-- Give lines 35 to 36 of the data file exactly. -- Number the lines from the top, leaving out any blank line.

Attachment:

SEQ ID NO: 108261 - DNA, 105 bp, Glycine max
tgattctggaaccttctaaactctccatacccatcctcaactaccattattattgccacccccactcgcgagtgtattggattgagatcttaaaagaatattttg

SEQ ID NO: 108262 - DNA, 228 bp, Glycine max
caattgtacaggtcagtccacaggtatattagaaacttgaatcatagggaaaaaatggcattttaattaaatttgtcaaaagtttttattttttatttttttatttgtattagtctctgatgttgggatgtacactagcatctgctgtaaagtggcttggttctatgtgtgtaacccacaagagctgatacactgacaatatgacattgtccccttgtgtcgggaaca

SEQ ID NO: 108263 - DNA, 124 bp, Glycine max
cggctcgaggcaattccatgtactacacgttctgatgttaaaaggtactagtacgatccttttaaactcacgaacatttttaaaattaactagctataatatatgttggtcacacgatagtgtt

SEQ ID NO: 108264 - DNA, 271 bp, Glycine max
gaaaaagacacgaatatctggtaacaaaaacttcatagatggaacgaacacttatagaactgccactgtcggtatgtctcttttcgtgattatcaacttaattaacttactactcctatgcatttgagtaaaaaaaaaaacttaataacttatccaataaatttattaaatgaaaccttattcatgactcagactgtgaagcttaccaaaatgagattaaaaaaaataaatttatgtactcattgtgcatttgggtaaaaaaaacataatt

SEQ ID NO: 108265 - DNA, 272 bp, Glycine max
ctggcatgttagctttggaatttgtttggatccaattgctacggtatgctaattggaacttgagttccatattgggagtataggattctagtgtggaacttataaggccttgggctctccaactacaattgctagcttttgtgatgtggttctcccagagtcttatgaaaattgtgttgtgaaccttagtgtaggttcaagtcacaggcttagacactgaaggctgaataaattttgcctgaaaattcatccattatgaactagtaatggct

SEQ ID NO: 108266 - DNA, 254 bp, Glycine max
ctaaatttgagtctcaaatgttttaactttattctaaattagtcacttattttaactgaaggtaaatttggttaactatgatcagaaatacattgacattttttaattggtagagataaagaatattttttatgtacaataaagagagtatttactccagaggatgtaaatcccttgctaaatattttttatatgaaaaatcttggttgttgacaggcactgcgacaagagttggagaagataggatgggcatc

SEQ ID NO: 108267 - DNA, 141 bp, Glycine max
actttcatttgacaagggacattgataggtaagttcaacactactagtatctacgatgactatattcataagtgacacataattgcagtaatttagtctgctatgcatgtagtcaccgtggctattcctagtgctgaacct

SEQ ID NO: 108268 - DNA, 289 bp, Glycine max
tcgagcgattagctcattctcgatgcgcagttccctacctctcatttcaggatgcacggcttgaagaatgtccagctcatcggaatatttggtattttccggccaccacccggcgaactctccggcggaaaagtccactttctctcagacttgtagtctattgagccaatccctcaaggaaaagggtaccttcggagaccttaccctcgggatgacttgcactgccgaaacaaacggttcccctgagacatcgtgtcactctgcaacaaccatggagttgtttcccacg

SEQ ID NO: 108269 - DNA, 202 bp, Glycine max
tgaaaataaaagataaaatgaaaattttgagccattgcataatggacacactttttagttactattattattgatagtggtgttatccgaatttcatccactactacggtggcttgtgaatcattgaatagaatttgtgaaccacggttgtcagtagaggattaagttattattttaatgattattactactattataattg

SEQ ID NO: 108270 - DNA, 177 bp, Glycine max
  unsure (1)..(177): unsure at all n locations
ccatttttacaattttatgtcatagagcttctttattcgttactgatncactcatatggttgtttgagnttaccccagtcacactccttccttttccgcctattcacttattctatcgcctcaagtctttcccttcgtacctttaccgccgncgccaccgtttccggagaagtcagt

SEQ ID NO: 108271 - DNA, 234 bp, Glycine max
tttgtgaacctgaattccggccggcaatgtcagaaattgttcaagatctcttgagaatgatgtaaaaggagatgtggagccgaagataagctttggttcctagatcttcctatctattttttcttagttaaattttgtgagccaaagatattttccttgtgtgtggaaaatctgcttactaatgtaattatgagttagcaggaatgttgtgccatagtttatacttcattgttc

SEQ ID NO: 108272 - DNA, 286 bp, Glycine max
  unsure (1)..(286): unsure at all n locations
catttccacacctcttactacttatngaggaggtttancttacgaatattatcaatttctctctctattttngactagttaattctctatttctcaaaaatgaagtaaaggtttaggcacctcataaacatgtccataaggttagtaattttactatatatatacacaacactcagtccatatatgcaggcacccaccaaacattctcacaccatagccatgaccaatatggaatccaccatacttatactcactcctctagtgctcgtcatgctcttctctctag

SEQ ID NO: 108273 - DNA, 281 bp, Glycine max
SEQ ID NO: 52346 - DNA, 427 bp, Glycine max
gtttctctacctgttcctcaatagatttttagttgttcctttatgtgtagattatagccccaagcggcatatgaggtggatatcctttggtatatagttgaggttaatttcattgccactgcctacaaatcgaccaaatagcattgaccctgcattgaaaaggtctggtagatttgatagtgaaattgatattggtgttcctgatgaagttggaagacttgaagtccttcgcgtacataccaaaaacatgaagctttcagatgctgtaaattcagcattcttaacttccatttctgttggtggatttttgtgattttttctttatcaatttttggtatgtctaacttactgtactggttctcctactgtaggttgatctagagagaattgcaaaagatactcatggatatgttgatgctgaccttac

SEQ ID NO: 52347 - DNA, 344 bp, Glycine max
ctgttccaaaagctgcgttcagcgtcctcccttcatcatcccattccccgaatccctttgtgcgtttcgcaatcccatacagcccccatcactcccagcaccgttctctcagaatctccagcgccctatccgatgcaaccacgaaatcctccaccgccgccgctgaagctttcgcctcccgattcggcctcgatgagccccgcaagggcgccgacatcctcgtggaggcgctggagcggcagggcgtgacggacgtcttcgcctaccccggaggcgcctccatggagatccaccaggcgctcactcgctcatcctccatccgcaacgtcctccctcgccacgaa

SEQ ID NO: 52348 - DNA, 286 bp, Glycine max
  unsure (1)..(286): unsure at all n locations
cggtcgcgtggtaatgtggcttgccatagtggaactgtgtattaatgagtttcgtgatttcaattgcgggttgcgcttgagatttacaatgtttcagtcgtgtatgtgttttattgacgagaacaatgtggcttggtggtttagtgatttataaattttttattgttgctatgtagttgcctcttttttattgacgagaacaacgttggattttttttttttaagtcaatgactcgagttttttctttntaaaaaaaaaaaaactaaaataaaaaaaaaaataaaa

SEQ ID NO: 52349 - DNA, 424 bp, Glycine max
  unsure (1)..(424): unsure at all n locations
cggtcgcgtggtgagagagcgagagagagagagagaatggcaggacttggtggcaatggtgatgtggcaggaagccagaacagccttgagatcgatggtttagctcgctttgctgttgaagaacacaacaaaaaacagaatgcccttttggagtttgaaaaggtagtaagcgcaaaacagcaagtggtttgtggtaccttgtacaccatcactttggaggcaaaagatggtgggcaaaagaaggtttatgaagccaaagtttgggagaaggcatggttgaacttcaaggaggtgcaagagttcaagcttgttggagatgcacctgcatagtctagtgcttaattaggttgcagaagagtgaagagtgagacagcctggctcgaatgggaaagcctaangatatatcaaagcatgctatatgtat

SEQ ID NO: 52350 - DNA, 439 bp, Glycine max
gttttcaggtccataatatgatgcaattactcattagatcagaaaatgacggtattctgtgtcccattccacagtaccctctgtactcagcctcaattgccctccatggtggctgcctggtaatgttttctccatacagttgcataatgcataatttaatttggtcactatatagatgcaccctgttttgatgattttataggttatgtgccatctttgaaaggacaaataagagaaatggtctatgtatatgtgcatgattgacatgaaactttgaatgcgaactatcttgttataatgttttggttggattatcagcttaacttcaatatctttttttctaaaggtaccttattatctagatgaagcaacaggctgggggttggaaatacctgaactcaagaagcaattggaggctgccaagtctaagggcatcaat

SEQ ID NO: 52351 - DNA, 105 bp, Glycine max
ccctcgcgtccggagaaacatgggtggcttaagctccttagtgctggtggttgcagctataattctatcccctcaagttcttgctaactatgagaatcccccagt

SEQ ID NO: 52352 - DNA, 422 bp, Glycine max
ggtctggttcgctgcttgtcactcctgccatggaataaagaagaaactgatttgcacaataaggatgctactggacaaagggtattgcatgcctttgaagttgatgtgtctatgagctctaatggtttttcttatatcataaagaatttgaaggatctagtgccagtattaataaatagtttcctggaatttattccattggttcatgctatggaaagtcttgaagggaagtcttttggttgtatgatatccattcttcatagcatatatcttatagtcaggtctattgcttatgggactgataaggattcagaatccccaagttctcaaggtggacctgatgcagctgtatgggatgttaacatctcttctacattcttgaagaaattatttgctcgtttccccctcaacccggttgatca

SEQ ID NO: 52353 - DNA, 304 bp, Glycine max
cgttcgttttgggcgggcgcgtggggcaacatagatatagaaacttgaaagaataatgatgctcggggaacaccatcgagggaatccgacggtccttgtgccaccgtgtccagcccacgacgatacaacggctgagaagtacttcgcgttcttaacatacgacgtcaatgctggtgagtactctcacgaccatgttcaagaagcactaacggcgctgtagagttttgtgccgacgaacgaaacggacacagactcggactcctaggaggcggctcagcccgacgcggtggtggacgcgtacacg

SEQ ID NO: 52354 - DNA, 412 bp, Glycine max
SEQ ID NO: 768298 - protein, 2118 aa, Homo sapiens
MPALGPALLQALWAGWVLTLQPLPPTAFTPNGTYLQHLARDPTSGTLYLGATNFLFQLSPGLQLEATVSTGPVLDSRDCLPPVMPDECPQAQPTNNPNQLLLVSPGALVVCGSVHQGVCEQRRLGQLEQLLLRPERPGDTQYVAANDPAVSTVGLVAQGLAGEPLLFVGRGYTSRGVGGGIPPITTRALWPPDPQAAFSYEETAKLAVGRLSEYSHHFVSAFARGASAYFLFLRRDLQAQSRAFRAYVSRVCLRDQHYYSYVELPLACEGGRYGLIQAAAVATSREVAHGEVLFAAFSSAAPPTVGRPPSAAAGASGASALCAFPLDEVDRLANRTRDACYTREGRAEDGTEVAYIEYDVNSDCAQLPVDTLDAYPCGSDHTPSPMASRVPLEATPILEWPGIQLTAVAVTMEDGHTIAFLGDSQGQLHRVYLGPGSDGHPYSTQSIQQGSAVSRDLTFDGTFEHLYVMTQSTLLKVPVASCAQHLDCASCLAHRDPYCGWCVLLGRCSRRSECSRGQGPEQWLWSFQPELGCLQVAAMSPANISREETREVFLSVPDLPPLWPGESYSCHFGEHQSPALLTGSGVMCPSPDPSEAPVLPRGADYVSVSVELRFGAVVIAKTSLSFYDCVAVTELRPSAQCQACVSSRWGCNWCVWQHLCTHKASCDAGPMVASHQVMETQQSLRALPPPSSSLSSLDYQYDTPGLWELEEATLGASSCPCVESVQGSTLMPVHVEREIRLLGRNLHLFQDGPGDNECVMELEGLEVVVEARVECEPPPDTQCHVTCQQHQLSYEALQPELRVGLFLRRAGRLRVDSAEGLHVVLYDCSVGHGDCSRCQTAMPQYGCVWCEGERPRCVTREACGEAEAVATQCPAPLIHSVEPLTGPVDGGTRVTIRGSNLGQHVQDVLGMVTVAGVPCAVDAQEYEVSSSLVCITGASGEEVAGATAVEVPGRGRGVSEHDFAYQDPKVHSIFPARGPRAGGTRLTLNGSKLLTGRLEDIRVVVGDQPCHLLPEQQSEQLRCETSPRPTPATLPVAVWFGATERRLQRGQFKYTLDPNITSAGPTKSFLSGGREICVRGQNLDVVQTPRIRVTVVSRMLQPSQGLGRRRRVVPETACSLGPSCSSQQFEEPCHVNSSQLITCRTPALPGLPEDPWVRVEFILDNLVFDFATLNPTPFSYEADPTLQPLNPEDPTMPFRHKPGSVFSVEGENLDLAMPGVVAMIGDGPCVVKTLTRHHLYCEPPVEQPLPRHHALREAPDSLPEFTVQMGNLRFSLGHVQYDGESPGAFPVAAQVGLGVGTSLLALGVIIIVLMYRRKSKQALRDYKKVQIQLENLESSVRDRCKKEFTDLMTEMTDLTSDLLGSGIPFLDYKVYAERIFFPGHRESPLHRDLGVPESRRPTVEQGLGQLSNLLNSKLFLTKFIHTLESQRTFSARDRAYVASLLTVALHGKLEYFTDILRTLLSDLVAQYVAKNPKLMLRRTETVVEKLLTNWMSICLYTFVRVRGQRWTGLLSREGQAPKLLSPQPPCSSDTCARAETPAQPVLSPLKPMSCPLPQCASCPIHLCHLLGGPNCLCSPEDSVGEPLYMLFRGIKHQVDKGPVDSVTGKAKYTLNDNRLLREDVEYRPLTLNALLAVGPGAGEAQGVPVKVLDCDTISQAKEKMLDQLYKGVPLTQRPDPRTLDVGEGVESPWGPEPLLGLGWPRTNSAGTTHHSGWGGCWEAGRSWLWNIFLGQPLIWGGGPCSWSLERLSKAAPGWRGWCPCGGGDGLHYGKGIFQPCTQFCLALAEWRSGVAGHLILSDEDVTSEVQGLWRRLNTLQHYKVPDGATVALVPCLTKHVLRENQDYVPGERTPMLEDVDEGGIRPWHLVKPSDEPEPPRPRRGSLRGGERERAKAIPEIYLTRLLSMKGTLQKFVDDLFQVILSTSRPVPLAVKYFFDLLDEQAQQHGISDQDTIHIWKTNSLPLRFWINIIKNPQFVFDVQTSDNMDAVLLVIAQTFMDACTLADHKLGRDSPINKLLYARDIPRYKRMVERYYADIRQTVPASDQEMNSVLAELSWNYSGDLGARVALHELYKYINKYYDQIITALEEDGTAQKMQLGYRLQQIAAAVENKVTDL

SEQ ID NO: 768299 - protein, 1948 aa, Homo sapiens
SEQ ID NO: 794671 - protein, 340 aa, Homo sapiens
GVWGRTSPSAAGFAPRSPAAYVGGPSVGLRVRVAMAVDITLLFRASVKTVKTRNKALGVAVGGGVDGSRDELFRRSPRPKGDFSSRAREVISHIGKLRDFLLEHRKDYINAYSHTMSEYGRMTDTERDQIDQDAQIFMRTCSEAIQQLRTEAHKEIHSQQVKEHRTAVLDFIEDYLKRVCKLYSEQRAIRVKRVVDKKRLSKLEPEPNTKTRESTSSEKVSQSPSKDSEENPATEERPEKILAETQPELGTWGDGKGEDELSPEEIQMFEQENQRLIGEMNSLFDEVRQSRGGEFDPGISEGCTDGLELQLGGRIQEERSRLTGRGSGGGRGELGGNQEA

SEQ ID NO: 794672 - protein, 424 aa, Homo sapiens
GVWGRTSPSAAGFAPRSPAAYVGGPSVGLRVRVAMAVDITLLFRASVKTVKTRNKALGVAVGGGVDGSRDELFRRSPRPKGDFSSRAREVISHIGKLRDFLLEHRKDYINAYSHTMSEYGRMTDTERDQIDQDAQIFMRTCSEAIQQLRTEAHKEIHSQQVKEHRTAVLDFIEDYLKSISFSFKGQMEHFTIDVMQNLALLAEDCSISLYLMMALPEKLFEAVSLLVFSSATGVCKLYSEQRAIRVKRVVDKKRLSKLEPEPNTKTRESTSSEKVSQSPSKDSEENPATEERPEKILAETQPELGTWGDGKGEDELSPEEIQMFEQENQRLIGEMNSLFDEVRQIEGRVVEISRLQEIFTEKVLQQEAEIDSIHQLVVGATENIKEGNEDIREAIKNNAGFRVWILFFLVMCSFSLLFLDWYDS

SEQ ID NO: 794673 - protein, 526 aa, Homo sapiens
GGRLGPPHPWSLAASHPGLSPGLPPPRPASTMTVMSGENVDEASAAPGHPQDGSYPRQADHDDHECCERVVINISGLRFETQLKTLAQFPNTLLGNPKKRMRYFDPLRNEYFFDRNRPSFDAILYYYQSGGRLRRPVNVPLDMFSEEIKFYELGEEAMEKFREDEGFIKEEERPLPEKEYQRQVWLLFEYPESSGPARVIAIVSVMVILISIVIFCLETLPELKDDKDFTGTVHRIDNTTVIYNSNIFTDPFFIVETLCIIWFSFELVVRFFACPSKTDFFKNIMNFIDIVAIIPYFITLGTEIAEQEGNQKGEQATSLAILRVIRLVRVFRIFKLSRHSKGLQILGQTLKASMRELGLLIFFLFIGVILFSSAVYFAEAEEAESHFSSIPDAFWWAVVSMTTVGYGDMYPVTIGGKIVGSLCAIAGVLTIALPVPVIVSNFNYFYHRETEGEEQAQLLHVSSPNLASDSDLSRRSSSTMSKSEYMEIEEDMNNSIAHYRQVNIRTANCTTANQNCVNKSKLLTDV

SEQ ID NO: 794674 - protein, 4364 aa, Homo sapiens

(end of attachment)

SEQ ID NO: 52349 - DNA, 424 bp, Glycine max
  unsure (1)..(424): unsure at all n locations